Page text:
# Solved – Bounds for the population variance

Suppose we have i.i.d. samples \$x_1\$, \$ldots\$, \$x_n\$ for a (potentially non-normal) random variable \$X\$ with finite moments. We can use these samples to construct an unbiased estimates of the population mean and population variance
\$\$
bar{x} = n^{-1} sum_{i=1}^n x_i qquadtext{and}qquad s^2 = frac{1}{n-1} sum_{i=1}^n (x_i – bar{x})^2 enspace.
\$\$
Without making any assumptions on the distribution of \$X\$, it is possible to construct probabilistic bounds on the population mean, by using Chebyshev's inequality (see, e.g., wikipedia or the original paper).

My question is: do such probabilistic bounds exist for the population variance? In other words, can we say that with probability \$delta\$ the population variance \$sigma^2\$ will be in some interval \$[L(delta,{x_i}),U(delta,{x_i})]\$? And if so, what are the functions \$L\$ and \$U\$ that describe the lower and upper bound?

For normal distributions the sample variance follows a \$sigma^2 chi^2_{n-1} (n-1)^{-1}\$ distribution. This can be used to construct confidence intervals. However, I am looking for more general bounds that apply also to non-normal settings.

Contents

The general asymptotic result for the asymptotic distribution of the sample variance is (see this post)

\$\$sqrt n(hat v – v) xrightarrow{d} Nleft(0,mu_4 – v^2right)\$\$

where here, I have used the notation \$vequiv sigma^2\$ to avoid later confusion with squares, and where \$mu_4 = mathrm{E}left((X_i -mu)^4right)\$. Therefore by the continuous mapping theorem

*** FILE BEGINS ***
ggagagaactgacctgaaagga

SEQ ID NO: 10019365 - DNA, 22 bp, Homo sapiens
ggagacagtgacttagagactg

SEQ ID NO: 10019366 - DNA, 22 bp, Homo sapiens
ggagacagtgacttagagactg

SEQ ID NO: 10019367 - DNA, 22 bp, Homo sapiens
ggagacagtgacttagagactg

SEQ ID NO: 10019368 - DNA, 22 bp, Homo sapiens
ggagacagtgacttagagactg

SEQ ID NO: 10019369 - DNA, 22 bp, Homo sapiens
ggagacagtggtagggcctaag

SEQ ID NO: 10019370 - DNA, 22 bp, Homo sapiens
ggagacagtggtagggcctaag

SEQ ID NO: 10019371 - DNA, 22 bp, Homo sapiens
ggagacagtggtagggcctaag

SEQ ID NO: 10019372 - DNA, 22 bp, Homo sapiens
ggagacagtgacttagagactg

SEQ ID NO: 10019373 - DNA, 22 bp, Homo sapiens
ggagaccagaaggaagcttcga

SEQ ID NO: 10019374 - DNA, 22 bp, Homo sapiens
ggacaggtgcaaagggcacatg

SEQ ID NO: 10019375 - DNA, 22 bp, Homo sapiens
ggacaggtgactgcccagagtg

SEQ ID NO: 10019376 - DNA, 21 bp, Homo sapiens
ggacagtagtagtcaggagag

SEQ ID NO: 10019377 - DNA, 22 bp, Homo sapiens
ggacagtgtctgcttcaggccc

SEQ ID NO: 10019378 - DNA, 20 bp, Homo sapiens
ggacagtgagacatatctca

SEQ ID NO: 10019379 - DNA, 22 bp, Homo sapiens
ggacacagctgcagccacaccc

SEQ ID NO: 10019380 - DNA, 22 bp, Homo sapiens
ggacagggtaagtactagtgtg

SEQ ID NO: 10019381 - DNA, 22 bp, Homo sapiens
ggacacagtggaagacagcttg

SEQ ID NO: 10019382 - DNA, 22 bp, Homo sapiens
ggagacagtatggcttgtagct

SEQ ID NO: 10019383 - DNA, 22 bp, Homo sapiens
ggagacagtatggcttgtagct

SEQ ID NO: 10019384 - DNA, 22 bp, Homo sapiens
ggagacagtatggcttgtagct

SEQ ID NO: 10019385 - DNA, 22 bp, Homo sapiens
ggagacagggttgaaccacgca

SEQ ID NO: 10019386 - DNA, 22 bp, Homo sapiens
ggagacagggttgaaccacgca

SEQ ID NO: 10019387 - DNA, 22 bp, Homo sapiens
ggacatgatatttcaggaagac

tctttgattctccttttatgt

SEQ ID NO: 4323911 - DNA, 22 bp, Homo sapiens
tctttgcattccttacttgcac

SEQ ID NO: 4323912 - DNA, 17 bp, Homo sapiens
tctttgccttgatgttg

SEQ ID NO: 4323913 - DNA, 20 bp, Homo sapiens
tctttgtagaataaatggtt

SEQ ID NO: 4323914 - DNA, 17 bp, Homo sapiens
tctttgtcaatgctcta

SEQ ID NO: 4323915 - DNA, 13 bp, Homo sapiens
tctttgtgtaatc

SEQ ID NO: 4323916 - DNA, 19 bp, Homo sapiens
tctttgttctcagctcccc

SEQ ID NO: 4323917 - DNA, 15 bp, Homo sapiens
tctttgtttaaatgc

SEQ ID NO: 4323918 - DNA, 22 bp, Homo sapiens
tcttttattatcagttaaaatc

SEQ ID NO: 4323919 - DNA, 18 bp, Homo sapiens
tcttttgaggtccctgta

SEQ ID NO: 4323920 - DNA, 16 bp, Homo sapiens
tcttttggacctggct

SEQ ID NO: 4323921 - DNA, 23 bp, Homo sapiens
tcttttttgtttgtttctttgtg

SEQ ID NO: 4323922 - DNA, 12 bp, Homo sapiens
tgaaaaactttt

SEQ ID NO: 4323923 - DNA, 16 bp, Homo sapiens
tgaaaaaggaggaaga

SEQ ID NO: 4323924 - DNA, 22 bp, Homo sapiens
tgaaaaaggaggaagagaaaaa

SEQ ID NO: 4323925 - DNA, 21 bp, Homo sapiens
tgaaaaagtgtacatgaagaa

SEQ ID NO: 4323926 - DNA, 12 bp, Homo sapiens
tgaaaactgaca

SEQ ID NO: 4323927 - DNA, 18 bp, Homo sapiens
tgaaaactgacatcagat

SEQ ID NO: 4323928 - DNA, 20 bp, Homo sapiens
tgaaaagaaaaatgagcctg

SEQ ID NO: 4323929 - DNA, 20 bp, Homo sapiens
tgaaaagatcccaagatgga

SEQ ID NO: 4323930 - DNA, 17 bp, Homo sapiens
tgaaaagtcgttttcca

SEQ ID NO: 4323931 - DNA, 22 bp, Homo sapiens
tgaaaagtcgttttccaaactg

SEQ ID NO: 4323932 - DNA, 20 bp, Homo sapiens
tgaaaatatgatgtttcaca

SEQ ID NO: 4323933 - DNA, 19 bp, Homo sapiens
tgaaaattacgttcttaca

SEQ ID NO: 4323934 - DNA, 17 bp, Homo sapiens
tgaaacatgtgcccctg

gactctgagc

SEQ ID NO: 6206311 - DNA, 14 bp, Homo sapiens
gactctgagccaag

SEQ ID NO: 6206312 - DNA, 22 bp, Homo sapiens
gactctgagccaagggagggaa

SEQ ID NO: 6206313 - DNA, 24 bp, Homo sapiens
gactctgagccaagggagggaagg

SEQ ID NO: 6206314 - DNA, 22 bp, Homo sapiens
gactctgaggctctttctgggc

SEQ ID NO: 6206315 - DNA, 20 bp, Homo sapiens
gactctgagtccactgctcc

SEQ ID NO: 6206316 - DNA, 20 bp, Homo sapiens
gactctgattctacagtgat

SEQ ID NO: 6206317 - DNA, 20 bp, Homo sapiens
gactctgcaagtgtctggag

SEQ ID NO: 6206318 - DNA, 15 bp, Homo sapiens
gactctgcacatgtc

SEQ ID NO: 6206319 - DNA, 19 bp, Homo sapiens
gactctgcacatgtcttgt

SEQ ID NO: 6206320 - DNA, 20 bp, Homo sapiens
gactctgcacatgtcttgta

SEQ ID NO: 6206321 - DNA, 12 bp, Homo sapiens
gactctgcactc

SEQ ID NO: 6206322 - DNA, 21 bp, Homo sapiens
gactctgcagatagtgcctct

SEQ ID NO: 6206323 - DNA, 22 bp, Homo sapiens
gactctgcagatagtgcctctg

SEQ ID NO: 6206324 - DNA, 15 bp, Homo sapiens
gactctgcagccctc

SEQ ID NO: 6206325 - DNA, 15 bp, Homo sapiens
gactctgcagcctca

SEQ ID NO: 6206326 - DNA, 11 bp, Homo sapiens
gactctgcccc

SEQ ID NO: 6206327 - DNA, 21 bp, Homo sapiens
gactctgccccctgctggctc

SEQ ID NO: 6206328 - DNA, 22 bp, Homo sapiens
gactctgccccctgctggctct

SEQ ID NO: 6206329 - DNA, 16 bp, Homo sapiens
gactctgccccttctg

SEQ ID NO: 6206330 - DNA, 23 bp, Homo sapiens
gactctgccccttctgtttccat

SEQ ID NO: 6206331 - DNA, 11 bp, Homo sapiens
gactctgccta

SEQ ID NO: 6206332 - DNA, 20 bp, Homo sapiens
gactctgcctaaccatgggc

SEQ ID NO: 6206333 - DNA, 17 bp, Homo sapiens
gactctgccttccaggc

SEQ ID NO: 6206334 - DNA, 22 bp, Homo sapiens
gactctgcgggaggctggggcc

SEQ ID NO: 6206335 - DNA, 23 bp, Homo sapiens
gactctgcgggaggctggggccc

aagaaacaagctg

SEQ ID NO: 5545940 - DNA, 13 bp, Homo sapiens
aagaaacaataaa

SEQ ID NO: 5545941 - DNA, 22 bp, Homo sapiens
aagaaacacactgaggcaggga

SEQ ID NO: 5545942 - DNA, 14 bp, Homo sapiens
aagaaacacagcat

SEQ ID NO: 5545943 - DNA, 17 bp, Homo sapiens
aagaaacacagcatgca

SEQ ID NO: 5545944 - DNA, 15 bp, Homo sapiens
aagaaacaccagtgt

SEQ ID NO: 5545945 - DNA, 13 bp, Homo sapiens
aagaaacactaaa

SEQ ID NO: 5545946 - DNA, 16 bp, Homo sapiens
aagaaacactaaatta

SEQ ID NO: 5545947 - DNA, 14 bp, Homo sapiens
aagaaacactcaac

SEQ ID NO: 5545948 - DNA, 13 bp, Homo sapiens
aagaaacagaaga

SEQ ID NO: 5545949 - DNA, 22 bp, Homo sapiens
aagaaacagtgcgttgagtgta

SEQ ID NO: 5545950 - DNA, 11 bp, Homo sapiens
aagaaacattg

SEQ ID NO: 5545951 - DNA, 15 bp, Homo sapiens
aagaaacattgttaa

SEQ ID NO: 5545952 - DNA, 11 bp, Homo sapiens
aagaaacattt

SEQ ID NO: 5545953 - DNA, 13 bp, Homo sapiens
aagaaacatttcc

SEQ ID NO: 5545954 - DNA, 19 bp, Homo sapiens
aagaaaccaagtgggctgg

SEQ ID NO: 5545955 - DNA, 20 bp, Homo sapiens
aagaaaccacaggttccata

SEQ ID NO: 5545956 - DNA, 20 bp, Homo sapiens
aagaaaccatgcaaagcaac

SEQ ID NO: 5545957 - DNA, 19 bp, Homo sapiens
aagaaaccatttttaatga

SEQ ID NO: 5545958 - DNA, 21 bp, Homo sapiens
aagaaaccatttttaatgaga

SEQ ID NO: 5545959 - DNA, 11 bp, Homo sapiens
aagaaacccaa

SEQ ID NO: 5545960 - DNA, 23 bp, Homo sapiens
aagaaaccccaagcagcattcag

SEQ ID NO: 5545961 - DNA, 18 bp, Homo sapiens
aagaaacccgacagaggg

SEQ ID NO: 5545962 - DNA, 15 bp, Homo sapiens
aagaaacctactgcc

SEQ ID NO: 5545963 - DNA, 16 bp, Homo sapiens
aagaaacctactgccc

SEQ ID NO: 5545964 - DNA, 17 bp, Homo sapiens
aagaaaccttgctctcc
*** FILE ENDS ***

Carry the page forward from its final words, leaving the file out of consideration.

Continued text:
\$\$frac {n(hat v – v)^2}{mu_4 – v^2} xrightarrow{d} chi^2_1 \$\$

Then, accepting the approximation,

\$\$Pleft(frac {n(hat v – v)^2}{mu_4 – v^2}leq chi^2_{1,1-a}right)=1-a\$\$

The term in the parenthesis will give us a quadratic equation in \$v\$ that will include the unknown term \$mu_4\$. Accepting a further approximation, we can estimate this from the sample. Then we will obtain

\$\$Pleft(Av^2 + Bv +Gammaleq 0 right)=1-a\$\$

The roots of the polynomial are

\$\$v^*_{1,2}= frac {-B pm sqrt {B^2 -4AGamma}}{2A}\$\$

and our \$1-a\$ confidence interval for the population variance will be

\$\$maxBig{0,min{v^*_{1,2}}Big}leq sigma^2 leq max{v^*_{1,2}}\$\$

since the probability that the quadratic polynomial is smaller than zero, equals (in our case, where \$A>0\$) the probability that the population variance lies in between the roots of the polynomial.

## Monte Carlo Study

For clarity, denote \$chi^2_{1,1-a}equiv z\$.

A little algebra gives us that

\$\$A = n+z, ;; B = -2nhat v,;; Gamma = nhat v^2 -z hat mu_4\$\$

\$\$v^*_{1,2}= frac {nhat v pm sqrt {nz(hat mu_4-hat v^2)+z^2hat mu_4}}{n+z}\$\$

For \$a=0.05\$ we have \$chi^2_{1,1-a}equiv z = 3.84\$

I generated \$10,000\$ samples each of size \$n=100\$ from a Gamma distribution with shape parameter \$k=3\$ and scale parameter \$theta = 2\$. The true mean is \$mu = 6\$, and the true variance is \$v=sigma^2 =12\$.

Results:
The sample distribution of the sample variance had a long road ahead to become normal, but this is to be expected for the small sample size chosen. Its average value though was \$11.88\$, pretty close to the true value.

The estimation bound was smaller than the true variance, in \$1,456\$ samples, while the lower bound was greater than the true variance only \$17\$ times. So the true value was missed by the \$CI\$ in \$14.73\$% of the samples, mostly due to undershooting, giving a confidence level of \$85\$%, which is a \$~10\$ percentage points worsening from the nominal confidence level of \$95\$%.

On average the lower bound was \$7.20\$, while on average the upper bound was \$15.68\$. The average length of the CI was \$8.47\$. Its minimum length was \$2.56\$ while its maximum length was \$34.52\$.

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